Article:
As a person who has been diagnosed with an anxiety disorder, I’ve suffered from anxiety attacks for a very long time. However, I also didn’t learn the difference between an anxiety attack and a panic attack until a few years ago. Given that mental health is extremely important to me, and many other college students, I think this is some information we can all benefit from.
What typically distinct an anxiety and panic attack is that a panic attack usually comes on very suddenly, and usually subsides after ten minutes; while an anxiety is usually provoked by some sort of distress, last longer, and can happen one right after another.
Their symptoms slightly differ as well. Panic attack symptoms include: sweating, shaking, the sensation of choking, nausea, and fear of death just to name a few. Anxiety attack symptoms, while they do include panic attacks symptoms such as shaking and sweating, go on to include much more; a sense of doom, a sense of losing control, hot flashes, feeling the need to escape, and feeling separated from reality.
Now that everyone knows what an anxiety and panic attack is, it’s time to share my hypothesis. If their symptoms are different, what happens to your body during each must also be different. In an article from Medical Daily, it cites a research review of animal studies published by Dr. Jieun E Kim that link the provoking of stimulation in the amygdala to reactions similar to a human panic attack. Given that the amygdala is a small part of the brain responsible for emotional behavior; but more specifically fear and aggression. In other words, panic attacks are believed to stem from the amygdala.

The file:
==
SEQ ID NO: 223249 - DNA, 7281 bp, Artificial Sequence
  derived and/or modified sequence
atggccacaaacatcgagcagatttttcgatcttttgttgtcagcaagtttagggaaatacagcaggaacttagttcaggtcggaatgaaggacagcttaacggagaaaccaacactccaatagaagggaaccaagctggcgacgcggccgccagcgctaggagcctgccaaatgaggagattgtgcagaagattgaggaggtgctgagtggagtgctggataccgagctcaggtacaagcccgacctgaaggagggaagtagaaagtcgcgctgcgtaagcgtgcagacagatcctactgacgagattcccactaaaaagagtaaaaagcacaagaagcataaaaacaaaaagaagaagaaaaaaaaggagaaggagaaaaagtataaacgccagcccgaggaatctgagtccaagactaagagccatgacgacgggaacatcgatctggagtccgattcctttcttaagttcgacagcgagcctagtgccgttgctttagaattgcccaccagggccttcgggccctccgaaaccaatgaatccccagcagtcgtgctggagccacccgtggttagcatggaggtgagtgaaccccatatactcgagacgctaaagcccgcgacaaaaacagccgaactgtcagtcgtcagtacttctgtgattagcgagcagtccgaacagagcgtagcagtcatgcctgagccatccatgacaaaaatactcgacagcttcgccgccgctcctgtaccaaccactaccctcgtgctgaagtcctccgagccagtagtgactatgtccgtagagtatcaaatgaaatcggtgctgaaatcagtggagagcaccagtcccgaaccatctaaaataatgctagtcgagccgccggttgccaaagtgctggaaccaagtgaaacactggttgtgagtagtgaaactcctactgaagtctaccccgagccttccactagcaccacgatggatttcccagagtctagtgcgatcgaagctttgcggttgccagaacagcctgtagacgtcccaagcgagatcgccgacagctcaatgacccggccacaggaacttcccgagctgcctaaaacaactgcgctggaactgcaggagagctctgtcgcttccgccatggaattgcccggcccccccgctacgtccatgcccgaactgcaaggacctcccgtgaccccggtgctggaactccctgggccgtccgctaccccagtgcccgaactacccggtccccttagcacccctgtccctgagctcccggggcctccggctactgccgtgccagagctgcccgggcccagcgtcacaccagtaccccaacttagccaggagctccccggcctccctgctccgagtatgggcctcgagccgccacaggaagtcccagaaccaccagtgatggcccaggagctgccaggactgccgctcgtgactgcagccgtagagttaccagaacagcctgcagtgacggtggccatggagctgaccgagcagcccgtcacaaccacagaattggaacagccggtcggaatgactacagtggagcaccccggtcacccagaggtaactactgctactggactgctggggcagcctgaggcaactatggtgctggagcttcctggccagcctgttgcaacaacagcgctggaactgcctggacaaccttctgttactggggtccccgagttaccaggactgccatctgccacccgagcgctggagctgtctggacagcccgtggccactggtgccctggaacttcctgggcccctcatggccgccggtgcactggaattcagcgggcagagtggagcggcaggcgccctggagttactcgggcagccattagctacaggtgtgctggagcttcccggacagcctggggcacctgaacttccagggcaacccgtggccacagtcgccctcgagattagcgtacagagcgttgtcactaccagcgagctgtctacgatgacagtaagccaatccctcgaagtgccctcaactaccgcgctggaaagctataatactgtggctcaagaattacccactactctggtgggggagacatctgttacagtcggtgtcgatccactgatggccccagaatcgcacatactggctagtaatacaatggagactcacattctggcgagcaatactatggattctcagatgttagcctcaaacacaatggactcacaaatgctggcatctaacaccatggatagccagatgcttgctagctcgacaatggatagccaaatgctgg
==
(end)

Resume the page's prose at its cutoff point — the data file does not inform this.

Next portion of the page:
Turns out, science also believes that the amygdala plays a role in anxiety attacks; at least partially. The National Institute of Mental Health
explains that memories with intense emotions, specifically emotions where a fear began, are stored in the amygdala. However, the hippocampus also plays a role in anxiety attacks because it processes whether an event from a memory was threatening or not.
So while symptoms between the two differ, on a neurological level, panic and anxiety attacks are actually quiet similar. However, it is important to note that psychology does separate panic and anxiety attacks into different disorder categories.